MOSCOW, Nov 8 (Reuters) - Security forces in Minsk detained 52 people on Sunday, a human rights watch group said, ahead of anti-government protests that have taken place every weekend since a disputed August election returned Belarusian President Alexander Lukashenko to power.
Videos shared by independent local media showed members of the security services armed with batons chasing after some individuals in a public square, then rounding them up and putting them into vehicles. Reuters was not able to independently verify the footage.
The Viasna Human Rights Centre, which is not registered in Belarus, said 52 people had been detained.
Russian news agency TASS cited a spokeswoman for the Minsk branch of the Belarus interior ministry, Natalya Ganusevich, as saying that around 10 people had been detained.
As has become the norm in Minsk ahead of protest days, mobile phone internet services were disrupted, some main streets were closed and several metro stations in the city centre were shut. On Sunday, this included all four metro stations of a new line that had only opened on Saturday.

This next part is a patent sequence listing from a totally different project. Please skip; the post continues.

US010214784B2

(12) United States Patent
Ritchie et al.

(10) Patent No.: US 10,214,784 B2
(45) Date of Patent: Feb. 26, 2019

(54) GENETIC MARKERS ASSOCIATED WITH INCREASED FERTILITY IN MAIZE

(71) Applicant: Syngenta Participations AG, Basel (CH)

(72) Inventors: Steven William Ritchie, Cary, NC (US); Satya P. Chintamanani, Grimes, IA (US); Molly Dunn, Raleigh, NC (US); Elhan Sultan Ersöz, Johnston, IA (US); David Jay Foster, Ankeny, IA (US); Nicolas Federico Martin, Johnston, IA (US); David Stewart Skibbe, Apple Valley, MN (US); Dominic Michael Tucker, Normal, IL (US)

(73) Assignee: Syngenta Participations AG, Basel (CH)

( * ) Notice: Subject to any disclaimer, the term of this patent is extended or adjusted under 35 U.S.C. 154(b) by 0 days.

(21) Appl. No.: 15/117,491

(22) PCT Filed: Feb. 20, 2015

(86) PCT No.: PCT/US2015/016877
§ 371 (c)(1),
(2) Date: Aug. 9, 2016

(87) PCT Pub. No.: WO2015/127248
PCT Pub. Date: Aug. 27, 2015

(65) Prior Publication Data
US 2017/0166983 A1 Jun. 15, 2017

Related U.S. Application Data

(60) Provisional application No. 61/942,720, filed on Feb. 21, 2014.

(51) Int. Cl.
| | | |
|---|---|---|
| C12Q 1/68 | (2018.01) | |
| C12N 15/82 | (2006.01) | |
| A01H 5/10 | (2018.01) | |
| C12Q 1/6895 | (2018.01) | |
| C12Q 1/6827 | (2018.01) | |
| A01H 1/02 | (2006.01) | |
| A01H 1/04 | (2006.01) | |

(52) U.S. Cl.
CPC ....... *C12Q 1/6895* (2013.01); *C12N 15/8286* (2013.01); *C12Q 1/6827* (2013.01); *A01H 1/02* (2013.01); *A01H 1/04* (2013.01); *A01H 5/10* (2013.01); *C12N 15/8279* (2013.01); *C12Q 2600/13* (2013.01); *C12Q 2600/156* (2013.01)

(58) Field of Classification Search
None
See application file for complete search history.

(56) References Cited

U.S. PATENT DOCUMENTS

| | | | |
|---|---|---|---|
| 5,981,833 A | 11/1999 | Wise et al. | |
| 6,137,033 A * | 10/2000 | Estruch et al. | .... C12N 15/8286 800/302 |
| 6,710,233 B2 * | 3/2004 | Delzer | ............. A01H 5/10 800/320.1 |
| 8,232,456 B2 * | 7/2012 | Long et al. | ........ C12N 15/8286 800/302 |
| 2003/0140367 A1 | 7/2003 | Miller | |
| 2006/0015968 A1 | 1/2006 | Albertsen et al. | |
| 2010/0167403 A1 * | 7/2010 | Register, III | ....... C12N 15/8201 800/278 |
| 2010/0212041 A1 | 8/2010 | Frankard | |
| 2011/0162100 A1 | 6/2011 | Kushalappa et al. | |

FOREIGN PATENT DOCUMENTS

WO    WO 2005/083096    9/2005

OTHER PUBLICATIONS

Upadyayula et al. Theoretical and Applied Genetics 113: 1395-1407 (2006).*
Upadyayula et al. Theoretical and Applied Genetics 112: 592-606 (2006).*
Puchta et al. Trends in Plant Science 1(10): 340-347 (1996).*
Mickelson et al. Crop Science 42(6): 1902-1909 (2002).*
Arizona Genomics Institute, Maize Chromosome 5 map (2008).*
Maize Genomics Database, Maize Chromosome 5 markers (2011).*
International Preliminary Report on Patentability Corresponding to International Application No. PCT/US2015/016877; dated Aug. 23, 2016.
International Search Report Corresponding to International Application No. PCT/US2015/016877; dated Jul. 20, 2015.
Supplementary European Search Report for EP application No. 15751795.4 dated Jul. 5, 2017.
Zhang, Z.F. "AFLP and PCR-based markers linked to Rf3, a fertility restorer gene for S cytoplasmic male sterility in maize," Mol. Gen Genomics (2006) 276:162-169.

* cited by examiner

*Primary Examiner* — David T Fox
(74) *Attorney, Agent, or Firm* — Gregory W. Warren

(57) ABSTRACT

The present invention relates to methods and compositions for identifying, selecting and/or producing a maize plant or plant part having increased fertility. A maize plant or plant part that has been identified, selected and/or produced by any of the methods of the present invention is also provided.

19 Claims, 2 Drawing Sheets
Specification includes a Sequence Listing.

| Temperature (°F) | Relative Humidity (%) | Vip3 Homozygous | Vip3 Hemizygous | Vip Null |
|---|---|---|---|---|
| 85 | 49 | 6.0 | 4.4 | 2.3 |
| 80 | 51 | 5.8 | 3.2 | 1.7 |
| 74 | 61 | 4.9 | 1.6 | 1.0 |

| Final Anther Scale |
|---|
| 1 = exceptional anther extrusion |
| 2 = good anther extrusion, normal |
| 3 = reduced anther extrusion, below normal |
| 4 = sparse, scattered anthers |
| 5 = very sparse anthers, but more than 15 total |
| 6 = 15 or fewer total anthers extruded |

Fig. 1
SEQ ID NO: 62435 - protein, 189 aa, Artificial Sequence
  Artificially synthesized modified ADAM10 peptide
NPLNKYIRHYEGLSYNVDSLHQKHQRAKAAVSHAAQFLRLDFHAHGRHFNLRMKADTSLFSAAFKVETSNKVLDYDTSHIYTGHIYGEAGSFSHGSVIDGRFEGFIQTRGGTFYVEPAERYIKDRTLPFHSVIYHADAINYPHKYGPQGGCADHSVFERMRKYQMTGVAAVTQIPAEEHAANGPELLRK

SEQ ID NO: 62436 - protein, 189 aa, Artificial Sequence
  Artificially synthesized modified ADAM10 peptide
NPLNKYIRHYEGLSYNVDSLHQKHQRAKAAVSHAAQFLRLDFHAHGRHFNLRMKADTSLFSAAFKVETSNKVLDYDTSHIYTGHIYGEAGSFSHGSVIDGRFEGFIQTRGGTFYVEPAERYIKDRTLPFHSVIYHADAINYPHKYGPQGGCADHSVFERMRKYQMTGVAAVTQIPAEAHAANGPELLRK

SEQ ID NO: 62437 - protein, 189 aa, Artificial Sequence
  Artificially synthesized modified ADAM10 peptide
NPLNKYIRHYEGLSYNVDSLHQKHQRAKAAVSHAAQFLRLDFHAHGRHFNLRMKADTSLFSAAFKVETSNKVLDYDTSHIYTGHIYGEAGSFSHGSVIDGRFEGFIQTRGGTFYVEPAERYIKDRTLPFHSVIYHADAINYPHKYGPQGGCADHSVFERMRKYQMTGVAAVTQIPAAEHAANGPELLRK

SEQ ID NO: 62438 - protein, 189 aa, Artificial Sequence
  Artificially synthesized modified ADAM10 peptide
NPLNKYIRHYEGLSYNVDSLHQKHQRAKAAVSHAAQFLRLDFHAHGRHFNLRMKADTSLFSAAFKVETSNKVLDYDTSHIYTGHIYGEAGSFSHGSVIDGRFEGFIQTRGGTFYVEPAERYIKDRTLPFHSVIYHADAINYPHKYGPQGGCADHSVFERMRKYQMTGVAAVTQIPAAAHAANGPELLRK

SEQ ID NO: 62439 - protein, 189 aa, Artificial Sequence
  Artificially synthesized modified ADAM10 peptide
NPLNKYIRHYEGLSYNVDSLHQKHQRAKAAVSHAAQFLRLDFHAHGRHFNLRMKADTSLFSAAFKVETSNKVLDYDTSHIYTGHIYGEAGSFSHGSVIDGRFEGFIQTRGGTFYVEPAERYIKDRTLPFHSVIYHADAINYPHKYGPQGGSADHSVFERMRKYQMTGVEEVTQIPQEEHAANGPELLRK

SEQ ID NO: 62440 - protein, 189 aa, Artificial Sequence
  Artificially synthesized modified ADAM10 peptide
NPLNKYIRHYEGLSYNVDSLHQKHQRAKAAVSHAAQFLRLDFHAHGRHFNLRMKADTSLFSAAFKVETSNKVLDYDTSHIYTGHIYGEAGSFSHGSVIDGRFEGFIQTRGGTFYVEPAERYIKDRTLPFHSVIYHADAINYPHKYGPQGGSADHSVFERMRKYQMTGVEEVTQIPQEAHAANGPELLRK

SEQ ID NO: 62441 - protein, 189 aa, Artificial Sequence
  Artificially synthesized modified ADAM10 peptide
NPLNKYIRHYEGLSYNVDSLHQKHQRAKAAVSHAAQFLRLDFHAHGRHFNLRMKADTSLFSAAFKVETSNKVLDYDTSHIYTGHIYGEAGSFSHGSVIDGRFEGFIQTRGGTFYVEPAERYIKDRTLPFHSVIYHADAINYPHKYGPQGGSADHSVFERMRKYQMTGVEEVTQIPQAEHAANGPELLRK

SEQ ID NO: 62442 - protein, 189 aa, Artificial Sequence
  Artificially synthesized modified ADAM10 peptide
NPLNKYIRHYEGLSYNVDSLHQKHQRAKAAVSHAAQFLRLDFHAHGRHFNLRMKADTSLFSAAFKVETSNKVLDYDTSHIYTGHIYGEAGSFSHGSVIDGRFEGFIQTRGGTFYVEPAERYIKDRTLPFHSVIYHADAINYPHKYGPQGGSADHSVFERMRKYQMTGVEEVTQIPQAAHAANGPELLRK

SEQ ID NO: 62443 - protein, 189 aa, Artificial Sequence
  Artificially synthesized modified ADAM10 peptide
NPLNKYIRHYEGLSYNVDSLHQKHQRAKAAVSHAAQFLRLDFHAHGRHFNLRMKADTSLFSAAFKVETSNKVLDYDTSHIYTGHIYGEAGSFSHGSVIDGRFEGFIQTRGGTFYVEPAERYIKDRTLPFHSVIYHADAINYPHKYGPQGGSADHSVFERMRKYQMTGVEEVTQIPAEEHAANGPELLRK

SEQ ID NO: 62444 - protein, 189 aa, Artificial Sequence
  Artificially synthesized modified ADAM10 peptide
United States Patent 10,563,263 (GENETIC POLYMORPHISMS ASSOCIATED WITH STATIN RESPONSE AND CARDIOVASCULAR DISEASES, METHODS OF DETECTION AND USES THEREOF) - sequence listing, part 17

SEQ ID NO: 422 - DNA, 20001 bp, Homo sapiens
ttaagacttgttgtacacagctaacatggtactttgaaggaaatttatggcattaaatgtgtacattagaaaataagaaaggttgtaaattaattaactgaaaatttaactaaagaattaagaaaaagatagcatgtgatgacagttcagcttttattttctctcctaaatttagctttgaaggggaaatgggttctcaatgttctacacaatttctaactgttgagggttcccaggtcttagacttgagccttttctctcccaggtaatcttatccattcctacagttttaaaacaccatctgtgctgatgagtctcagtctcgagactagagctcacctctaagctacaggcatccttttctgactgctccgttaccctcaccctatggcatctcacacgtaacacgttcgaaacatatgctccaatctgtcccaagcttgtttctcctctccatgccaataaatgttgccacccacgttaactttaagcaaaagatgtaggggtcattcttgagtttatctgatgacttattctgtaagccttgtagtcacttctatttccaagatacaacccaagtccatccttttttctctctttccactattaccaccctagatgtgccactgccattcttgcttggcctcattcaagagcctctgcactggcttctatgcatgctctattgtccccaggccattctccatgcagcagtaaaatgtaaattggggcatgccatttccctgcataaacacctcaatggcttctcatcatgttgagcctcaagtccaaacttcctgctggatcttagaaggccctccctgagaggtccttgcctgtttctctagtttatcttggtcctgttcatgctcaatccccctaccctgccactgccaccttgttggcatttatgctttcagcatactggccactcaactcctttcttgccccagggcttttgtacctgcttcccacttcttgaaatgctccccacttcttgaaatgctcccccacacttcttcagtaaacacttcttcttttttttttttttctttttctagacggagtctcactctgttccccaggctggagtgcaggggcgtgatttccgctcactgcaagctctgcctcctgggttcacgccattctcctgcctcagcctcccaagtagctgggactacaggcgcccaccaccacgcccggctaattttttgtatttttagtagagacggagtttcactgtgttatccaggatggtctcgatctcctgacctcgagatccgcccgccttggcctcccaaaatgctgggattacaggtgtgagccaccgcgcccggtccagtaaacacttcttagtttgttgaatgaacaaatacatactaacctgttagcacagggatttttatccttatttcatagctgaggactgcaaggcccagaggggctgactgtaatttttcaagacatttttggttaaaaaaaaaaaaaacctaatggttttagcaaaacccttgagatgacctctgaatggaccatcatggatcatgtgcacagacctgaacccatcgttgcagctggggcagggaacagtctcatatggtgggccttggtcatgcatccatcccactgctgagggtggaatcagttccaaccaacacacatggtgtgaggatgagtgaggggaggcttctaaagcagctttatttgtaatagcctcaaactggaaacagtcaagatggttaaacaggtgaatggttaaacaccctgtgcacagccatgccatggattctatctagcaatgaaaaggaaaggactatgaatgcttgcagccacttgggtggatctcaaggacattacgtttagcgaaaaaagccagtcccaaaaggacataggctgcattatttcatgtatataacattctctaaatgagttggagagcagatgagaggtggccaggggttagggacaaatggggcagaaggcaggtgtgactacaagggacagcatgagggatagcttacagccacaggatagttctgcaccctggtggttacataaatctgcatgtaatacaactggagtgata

A few thousand people gathered by a monument in central Minsk for the start of Sunday’s march, local media reported. The crowd was subsequently dispersed by police and splintered off into several columns marching through the city.
The country is in a political crisis as tens of thousands of Belarusians have taken to the streets each week since the Aug. 9 election, calling for Lukashenko, in power for 26 years, to resign. Thousands of people have been arrested at the demonstrations and rights groups say hundreds of detainees have reported being subjected to beatings and other abuse.
Belarus told the United Nations on Monday it was not investigating a single allegation of police abuse, despite coming under Western criticism since the election for violent crackdowns on anti-government demonstrators.
On Saturday, 60 doctors and other medical staff who had gathered for a rally were detained, according to human rights group Viasna. (Writing by Polina Ivanova; Editing by Susan Fenton)
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